June 9 - British Triathlon precipitated another controversy over London 2012 selection today.
They took the calculated decision to maximise the already strong medal chances of the Brownlee brothers, Alistair and Jonathan (pictured above left and right), and Helen Jenkins by filling two of their six places in the London 2012 team with riders whose duty will be to assist the podium prospects of the trio who have lodged themselves at the top of the sport in recent years.
But the decision to pick Stuart Hayes and Lucy Hall as "domestiques", along with the sixth selection, Vicky Holland, means there is no place at the Games for the likes of Will Clarke, former world champion and triple Olympian Tim Don, Liz Blatchford and Jodie Stimpson, even though they failed to reach the team on merit according to strict qualification criteria which required podium finishes in world series races.
Blatchford tweeted: "Now that it is official I can say I am devastated to have been left off the GB Olympic team" and added it was "a hard pill to swallow" and "really gutting"
Alistair (pictured), the elder of the two Brownlee brothers at 24, was world champion in 2009 and 2001 and celebrated his return to action today after an Achilles tendon tear by claiming a joint victory with his 22-year-old brother at the BlenheimTriathlon.
Jonathan finished second in the world behind Alistair last year, and has won the 2012 San Diego and Madrid races in brother's absence.
Jenkins, 28, was world champion in 2008 under old one-off format and in 2011 under new season-long format and looks a real force.
Holland, 26, is the best-performing British woman beyond Jenkins in 2012, having finished fifth in San Diego and seventh in Madrid.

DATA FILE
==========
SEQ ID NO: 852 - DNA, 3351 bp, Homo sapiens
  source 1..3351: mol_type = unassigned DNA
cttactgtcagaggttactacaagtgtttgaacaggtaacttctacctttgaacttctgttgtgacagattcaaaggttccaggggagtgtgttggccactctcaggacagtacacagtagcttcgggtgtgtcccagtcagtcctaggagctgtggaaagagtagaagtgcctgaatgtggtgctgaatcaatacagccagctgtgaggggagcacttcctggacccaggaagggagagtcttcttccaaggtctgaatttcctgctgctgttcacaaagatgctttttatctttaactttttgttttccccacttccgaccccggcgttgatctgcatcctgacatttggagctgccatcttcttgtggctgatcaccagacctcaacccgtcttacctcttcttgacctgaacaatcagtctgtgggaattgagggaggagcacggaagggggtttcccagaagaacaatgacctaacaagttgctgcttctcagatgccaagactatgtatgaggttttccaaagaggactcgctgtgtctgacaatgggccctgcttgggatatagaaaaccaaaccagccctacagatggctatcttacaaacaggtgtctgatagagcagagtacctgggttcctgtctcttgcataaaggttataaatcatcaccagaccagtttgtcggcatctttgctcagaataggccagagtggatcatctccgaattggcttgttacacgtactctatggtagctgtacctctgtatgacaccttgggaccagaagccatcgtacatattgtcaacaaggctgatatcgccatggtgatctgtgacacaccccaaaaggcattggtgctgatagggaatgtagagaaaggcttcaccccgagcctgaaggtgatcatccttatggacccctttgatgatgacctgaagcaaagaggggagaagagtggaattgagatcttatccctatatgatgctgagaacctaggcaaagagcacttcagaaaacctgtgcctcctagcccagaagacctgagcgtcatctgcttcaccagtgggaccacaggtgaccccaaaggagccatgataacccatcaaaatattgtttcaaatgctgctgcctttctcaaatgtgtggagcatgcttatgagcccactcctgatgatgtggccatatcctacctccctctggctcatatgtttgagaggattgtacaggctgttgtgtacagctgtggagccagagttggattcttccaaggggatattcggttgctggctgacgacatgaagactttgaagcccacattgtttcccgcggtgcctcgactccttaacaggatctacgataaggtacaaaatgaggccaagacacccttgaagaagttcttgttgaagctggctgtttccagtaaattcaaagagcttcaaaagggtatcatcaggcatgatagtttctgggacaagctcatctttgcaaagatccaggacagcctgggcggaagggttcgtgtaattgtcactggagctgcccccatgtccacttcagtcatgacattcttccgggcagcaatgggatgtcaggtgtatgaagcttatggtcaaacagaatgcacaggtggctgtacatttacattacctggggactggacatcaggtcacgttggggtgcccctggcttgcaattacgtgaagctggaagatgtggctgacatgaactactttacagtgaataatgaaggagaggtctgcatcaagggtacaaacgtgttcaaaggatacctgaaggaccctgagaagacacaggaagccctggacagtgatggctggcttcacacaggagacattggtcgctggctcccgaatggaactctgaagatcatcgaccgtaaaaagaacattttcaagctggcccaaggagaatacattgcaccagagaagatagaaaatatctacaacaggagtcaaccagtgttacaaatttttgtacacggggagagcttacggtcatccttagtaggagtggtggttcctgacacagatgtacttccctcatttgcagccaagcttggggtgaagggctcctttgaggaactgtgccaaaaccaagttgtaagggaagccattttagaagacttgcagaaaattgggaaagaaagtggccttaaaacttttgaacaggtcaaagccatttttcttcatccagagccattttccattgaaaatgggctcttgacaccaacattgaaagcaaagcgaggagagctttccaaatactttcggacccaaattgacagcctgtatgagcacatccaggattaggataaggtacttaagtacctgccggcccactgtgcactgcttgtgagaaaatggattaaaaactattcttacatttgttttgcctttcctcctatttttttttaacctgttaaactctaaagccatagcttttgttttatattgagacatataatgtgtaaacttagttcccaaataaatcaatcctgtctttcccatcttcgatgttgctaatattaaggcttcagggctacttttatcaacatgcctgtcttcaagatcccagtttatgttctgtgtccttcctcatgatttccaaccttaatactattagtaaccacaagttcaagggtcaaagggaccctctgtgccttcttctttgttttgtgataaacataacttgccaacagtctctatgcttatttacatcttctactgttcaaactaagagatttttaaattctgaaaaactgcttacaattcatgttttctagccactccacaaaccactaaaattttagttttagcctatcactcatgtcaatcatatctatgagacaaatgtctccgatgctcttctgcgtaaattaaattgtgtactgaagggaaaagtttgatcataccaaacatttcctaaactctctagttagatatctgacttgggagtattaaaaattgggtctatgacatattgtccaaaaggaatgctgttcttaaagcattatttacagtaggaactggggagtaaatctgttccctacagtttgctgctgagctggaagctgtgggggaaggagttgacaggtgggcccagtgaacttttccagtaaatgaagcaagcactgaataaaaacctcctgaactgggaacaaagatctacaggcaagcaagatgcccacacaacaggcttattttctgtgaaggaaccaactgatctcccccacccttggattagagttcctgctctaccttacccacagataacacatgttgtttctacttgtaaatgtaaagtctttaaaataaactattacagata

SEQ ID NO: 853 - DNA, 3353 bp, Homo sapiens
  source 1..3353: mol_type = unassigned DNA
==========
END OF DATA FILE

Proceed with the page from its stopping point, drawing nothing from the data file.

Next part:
The two "domestiques" are Hayes, 33, who had his one world series win in Austria two years ago and his big selling point is speed on the bike, and Hall, 20, who registered her first senior international victory in March but has barely competed at elite world level.
She is particularly swift in the swim and bike disciplines.
"The selectors made it very clear that if I was going to take this place on the team, I would be going as someone to help [Helen Jenkins (pictured)]," Hall said.
"It would be team tactics - I wouldn't be going as an individual, which I never thought I would anyway.
"I know I'm not a fast enough runner."
"It's hard, because two of those people have basically walked onto an Olympic team," said Clarke, 27, who is currently ranked 12th in world governing body the International Triathlon Union's (ITU) Olympic rankings.
Don is ranked 13th, with Hayesm who began the 2012 season injured, 46th.
"There's not really any other sport like that, where someone qualifies so easily considering what others like us have been through," added Clarke.
"We've been racing at the top level around the world for years, gaining ranking points, and they've walked onto the Olympic team.
"But I'm still good friends with Stuey [Hayes] and I wish him all the best."
Hall defended her selection, saying: "I'm a human being, I'm not a rock.
"I do have feelings.
"As an athlete I can see it from their perspective but I hope people don't see it as my fault and they realise I was selected to do a job.
"Everyone can't be happy with the decision - people are always going to be upset.
"That's how it is, that's sport.
"It's horrible to think some people don't get to fulfil their Olympic dreams - I hope they understand why I'm taking this opportunity.
"It's a home Olympics; I can't turn it down."
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